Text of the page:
The word paraben is probably found in 80% of your lotions, shampoos, and cosmetics – either in the ingredient list or in a big label announcing “Paraben Free” on the packaging. Why should we be taking note of these ingredients?
Beyond the suspicion of links to cancer, there is proof that numerous parabens are endocrine disrupters. This is a fancy term to say that parabens send confused messengers into one of the major regulators of our body potentially disrupting our fertility, thyroid, metabolism, digestion and much more. Our endocrine system regulates numerous body functions including thyroid, reproduction and metabolism. These hormonal disrupters accumulate in our bodies and water systems through the use of pesticides, bleach, plastics and other chemicals. It is unknown if these confused messengers are being genetically passed on to our children. Since numerous other safe preservatives exist, avoiding paraben preservatives is an easy step to take.
Parabens are synthetic preservatives that have been used since the 1920’s to preserve food, cosmetics and pharmaceuticals. They increase shelf life by preventing the growth of bacteria, yeast, mold and fungus. They are inexpensive to manufacture and maintain their efficacy in a wide pH range. It is estimated that parabens are now found in 75-85% of the toiletries that we use regularly.
The most common versions you will see in an ingredient list are: Butylparaben, Ethylparaben, Methylparaben and Propylparaben.
The controversy began with reports published between 2002 and 2004 revealing parabens to be endocrine disrupters. Larger doses of parabens in studies with rats were found to mimic estrogen and drastically disrupt normal hormone functions. Breast cancer, early maturation of females and hormonal feminization of males are only a few of the potential risks resulting from this type of disruption.
In 2005, a study in the UK found parabens in 19 out of 20 breast cancer tumors. Although studies did not determine if the ingredient was the cause of the cancer, the information was enough to send waves of alarm to consumers.
Endocrine disruption is a topic that seems to come in waves and then dissolve into vapor. The plastics, preservatives, and pesticides that we encounter every day could potentially wreak havoc on our endocrine system. They make headlines in the form of: “Is your water bottle making you fat?” … and then just as quickly disappear. Perhaps we are overwhelmed with the scope of our chemical assault. I agree that living in fear can be as damaging physically and psychologically as the very chemicals we seek to avoid. However, basic information will lead to knowledge that can ultimately assist us in making empowered decisions about the products we bring into our lives and lives our children.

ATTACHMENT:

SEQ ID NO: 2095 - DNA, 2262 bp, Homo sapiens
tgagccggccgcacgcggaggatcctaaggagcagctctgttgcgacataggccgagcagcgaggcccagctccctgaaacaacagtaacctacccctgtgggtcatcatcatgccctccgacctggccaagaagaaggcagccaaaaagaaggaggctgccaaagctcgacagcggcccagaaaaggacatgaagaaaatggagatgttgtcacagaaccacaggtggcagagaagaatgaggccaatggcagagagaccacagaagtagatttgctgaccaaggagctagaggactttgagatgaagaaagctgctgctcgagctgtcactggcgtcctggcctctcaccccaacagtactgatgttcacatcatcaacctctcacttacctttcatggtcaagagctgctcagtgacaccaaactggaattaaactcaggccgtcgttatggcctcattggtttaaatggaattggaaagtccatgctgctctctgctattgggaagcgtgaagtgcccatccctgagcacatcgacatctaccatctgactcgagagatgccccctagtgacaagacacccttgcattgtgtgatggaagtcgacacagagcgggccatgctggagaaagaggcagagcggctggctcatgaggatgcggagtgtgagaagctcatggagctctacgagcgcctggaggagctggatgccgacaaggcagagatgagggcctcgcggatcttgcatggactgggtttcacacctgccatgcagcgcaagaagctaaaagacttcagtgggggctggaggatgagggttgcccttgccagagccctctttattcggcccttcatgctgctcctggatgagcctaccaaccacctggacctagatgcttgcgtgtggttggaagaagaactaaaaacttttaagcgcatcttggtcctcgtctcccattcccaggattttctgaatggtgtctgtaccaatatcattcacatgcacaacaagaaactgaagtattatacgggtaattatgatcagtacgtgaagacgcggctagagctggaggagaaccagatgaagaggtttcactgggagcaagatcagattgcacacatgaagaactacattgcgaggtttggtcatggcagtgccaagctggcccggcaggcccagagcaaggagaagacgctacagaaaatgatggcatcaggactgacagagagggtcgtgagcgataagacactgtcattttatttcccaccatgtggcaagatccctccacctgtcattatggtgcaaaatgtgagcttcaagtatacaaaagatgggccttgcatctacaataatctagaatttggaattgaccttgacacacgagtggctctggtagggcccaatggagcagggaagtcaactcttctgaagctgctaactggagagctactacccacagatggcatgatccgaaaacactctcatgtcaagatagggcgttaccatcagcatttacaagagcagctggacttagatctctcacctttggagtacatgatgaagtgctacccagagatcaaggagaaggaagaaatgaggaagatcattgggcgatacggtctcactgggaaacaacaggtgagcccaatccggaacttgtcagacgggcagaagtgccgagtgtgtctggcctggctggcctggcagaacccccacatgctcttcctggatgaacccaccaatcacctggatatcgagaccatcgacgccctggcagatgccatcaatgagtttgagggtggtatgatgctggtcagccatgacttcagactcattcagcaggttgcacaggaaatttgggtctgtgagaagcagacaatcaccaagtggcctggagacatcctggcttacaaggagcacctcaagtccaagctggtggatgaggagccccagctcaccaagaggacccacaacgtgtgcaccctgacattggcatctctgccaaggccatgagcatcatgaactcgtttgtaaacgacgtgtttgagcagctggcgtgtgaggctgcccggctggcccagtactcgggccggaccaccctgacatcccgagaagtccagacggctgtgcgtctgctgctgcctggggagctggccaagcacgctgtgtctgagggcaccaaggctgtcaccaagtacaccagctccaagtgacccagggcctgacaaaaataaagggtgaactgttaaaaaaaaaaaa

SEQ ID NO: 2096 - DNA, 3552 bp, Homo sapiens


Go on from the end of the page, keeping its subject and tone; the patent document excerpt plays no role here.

The following article by Dr Mills contains a wealth of information on our endocrine system, potential environmental disruptors and advice on how to avoid exposure.
From my research on parabens and endocrine disruption, I found the following tips to be easiest to incorporate in support of a healthy life and planet.
1. Avoid parabens in your purchases. There are numerous safe alternatives to these preservatives and our dollars will vote loudly to support their replacement. Visit the Campaign for Safe Cosmetics website for a list of chemical-free alternatives.
2. If you can’t buy all–organic food, try to pick and choose. Certain crops are more heavily sprayed than others. The following 12 fruits and veggies are among those with the highest pesticide residues: peaches, apples, bell peppers, celery, nectarines, strawberries, cherries, lettuce, grapes, pears, spinach, and potatoes. Wash all fruits and vegetables thoroughly before consuming, or peel them if they are not organically grown.
3. Support your body’s natural ability to detox by exercising and sweating on a regular basis. Try a gentle detox program a few times a year. Use a sauna or steam bath. Get regular sleep (you detoxify at night) and drink plenty of filtered water
4. Eat plenty of fiber and take a daily probiotic with bifidobacteria and Acidophilus strains in the billions.
5. If you are planning on getting pregnant and breastfeeding, be vigilant about chemicals. Don’t worry about what you can’t control but put your energy into becoming the healthiest you can right now!
6. Avoid using certain plastics. The safest plastics are marked with the recycling codes 2 ,4 and 5. Never let infants chew on soft plastic toys and never microwave food in a plastic bowl or covered in plastic wrap. A good rule of thumb is that the softer the plastic, the more chemicals.